Based in Toronto and New York City

, Nancy Matsumoto is a writer and editor who covers sustainable agriculture, food, sake, arts and culture.

Archival posts from my former blog, Walking and Talking

What I'm Reading: "Homemade for Sale" Cottage Food Business Primer

You know all those small-batch products you're seeing at farmer's markets: pickles, jams, pretzels, vinegars, and other items you wish you had time to make yourself but are glad others are making for you? Well, their makers are worth supporting for a number of reasons. The first and most obvious is that if you shop selectively, you're getting delicious, high-quality, homemade products straight from the hands of the person who made it. Another is that if you believe in the value and transparency of local food systems, this is a first step in capitalizing yours. Reward a quality cottage food business and you're helping the next generation of makers establish a foothold in the local economy.


If you want to be the next Jeni Britton Bauer (Jeni's Splendid Ice Cream) or Beth Linskey (Beth's Farm Kitchen), here's a great book to help you get started: Homemade for Sale: How to Set Up and Market a Food Business From Your Home Kitchen, by wife-and-husband team and back-to-the-land gurus Lisa Kivirist  and John D, Ivanko. 

This user-friendly guide explains that the explosion of culinary entrepreneurs we're seeing at the greenmarkets and online (just check out mouth.com, or go down the list of winners of the annual Good Food Awards) owes a lot to changes in state laws governing small-scale, independent home-based food businesses. Over 42 states have recently established such laws, making it easier than ever before to launch a business out of your kitchen.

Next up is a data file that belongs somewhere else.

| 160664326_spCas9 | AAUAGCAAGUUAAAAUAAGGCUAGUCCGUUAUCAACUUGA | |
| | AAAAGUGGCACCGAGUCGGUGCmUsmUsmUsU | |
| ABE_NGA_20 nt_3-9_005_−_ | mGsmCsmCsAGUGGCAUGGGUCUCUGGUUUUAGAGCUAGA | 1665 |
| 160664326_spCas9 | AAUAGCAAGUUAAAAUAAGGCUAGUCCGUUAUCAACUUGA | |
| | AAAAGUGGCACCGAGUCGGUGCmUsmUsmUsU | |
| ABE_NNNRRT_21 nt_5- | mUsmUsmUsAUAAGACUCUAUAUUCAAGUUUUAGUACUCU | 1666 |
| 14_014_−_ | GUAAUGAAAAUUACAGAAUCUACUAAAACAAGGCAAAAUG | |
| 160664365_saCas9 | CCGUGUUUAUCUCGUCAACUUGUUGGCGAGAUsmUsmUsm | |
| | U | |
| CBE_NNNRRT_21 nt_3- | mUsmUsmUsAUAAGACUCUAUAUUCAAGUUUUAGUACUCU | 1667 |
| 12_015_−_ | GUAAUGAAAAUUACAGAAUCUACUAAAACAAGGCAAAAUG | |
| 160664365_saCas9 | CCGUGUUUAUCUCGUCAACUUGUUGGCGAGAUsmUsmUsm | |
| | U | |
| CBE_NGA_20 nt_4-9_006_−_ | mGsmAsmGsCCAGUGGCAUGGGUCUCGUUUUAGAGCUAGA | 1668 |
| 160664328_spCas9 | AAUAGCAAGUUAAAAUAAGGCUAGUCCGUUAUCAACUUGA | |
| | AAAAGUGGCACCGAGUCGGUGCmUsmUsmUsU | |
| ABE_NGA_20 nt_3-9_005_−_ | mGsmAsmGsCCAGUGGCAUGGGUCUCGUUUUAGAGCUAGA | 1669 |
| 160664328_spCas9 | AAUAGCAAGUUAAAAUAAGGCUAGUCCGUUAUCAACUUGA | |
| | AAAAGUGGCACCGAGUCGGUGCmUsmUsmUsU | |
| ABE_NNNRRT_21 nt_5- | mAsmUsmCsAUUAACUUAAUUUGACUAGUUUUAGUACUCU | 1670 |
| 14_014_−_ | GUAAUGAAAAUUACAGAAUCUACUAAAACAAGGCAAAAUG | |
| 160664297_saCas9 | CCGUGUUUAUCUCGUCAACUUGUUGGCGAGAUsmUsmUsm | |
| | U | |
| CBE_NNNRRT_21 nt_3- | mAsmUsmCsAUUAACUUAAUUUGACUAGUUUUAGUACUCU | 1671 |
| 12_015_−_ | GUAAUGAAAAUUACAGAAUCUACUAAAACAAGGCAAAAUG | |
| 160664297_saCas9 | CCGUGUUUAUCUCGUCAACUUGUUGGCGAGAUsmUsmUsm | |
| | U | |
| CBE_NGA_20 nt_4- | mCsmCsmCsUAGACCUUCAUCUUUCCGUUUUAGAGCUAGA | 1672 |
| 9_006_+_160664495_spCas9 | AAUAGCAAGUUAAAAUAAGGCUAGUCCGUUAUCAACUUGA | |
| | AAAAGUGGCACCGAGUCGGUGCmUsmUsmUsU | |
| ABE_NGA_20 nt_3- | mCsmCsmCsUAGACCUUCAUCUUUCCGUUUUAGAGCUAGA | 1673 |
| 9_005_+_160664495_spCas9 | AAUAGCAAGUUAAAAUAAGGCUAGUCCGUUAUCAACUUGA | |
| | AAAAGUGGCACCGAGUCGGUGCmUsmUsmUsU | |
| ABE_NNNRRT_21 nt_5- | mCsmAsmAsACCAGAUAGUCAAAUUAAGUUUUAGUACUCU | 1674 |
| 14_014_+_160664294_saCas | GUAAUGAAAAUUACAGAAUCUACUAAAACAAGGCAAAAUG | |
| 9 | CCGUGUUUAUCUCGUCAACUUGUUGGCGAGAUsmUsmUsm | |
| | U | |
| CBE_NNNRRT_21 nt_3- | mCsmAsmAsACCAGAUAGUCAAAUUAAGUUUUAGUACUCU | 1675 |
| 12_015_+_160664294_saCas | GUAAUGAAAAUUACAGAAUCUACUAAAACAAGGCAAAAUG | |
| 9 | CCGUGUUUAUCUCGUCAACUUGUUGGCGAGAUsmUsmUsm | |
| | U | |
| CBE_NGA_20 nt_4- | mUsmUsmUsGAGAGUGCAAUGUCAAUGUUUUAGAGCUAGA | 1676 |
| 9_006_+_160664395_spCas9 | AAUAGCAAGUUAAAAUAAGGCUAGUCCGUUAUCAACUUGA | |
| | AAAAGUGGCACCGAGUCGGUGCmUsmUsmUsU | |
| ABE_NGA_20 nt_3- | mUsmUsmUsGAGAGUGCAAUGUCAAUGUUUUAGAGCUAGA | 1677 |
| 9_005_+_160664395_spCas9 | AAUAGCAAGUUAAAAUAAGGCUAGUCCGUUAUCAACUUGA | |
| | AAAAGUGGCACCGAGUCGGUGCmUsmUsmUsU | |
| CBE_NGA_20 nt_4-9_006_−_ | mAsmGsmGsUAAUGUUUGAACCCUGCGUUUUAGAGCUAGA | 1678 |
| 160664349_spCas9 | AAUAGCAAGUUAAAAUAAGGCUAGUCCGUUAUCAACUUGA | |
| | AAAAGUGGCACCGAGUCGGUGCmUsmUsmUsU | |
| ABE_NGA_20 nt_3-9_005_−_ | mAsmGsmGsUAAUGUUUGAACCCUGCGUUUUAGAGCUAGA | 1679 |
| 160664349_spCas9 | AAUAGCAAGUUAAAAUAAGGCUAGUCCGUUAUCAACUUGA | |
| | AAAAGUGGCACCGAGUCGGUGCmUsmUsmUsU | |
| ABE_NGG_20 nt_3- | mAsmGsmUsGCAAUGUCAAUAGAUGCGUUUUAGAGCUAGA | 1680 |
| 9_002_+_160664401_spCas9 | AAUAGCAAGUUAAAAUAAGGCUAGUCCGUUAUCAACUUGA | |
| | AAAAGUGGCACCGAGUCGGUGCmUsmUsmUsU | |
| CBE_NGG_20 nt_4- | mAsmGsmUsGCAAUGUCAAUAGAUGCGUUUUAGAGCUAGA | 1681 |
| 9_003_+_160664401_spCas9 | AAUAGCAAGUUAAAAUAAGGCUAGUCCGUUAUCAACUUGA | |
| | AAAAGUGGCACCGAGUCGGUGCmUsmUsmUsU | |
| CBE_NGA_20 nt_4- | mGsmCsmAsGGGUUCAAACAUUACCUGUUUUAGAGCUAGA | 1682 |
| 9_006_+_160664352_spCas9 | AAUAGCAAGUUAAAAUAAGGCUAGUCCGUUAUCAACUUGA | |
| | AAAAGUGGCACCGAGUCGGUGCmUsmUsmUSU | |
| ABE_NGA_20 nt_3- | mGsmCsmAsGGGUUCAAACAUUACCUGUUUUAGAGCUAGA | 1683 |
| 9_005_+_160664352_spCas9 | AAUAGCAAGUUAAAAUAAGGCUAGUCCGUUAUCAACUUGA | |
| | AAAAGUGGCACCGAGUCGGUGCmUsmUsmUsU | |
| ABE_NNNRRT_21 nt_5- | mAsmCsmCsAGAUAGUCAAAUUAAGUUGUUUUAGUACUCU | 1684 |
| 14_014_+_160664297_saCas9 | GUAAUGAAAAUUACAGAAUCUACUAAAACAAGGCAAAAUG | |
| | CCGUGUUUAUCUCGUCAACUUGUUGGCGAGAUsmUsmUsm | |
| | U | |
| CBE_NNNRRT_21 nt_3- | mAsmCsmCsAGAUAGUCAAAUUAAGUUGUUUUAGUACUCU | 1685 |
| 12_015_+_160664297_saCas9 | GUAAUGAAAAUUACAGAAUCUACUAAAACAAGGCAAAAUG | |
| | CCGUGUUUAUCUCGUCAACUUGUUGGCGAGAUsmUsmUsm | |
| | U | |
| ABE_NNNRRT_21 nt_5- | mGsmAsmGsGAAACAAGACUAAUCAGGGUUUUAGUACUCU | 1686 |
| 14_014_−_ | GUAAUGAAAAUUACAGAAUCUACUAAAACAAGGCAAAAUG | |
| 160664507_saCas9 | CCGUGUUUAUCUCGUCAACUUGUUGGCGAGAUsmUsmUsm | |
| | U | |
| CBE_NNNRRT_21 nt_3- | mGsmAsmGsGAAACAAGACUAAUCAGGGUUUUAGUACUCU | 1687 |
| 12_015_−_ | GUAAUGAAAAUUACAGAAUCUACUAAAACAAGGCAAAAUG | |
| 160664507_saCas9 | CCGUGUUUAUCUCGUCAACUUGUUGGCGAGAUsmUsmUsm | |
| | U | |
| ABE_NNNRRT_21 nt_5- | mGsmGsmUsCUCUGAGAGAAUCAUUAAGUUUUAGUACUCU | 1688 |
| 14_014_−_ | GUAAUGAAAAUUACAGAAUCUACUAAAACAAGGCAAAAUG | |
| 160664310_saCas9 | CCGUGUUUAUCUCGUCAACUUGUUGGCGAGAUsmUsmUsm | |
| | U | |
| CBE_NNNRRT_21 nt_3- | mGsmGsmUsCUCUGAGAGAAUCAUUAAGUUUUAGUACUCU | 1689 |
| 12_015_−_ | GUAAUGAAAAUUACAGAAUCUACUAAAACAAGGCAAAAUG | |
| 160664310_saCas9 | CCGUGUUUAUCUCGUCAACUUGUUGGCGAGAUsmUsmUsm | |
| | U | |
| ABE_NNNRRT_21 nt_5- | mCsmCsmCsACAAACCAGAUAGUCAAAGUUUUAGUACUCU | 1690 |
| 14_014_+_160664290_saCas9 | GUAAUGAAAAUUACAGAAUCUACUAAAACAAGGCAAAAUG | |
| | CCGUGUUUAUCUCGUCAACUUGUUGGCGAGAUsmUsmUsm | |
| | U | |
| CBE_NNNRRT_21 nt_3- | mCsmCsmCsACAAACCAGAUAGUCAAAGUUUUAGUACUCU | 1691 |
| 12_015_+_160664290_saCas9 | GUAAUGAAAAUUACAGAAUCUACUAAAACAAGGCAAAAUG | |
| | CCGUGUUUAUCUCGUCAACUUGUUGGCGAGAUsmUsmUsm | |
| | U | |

Homemade for Sale covers everything from navigating your state's cottage food laws to product development, design, packaging and pricing; navigating zoning, licensing and legal hurdles; managing the books, and for those who want to, scaling up. Interspersed are profiles of successful "cookiepreneurs" and "profitable picklers," as Kivirist and Ivanko dub members of the kitchen entrepreneur movement, as well as tips gleaned from the couple's own experience of starting and running their carbon-negative inn, Serendipity Bed & Breakfast, and their farm in southwestern Wisconsin.

Helpful tips include advice on making sure your baked good is a "non-hazardous" one (meaning low moisture and shelf-stable to prevent mold and harmful bacteria growth); offering samples of your product (check venue rules and local health department regulations first), and a word of warning to Canadians (where selling food made in your home kitchen is outlawed for all but farmers).

The promotion, advertising and public relations chapter offers plenty of helpful links to web design and social media sites, and to free directories on which you can list your business (forrager.com, etsy.com, localharvest.org and agrilicious.org, to name a few).

Read this book and you, too, will feel that you can play a part in changing our food systems for the better and changing the way America eats.





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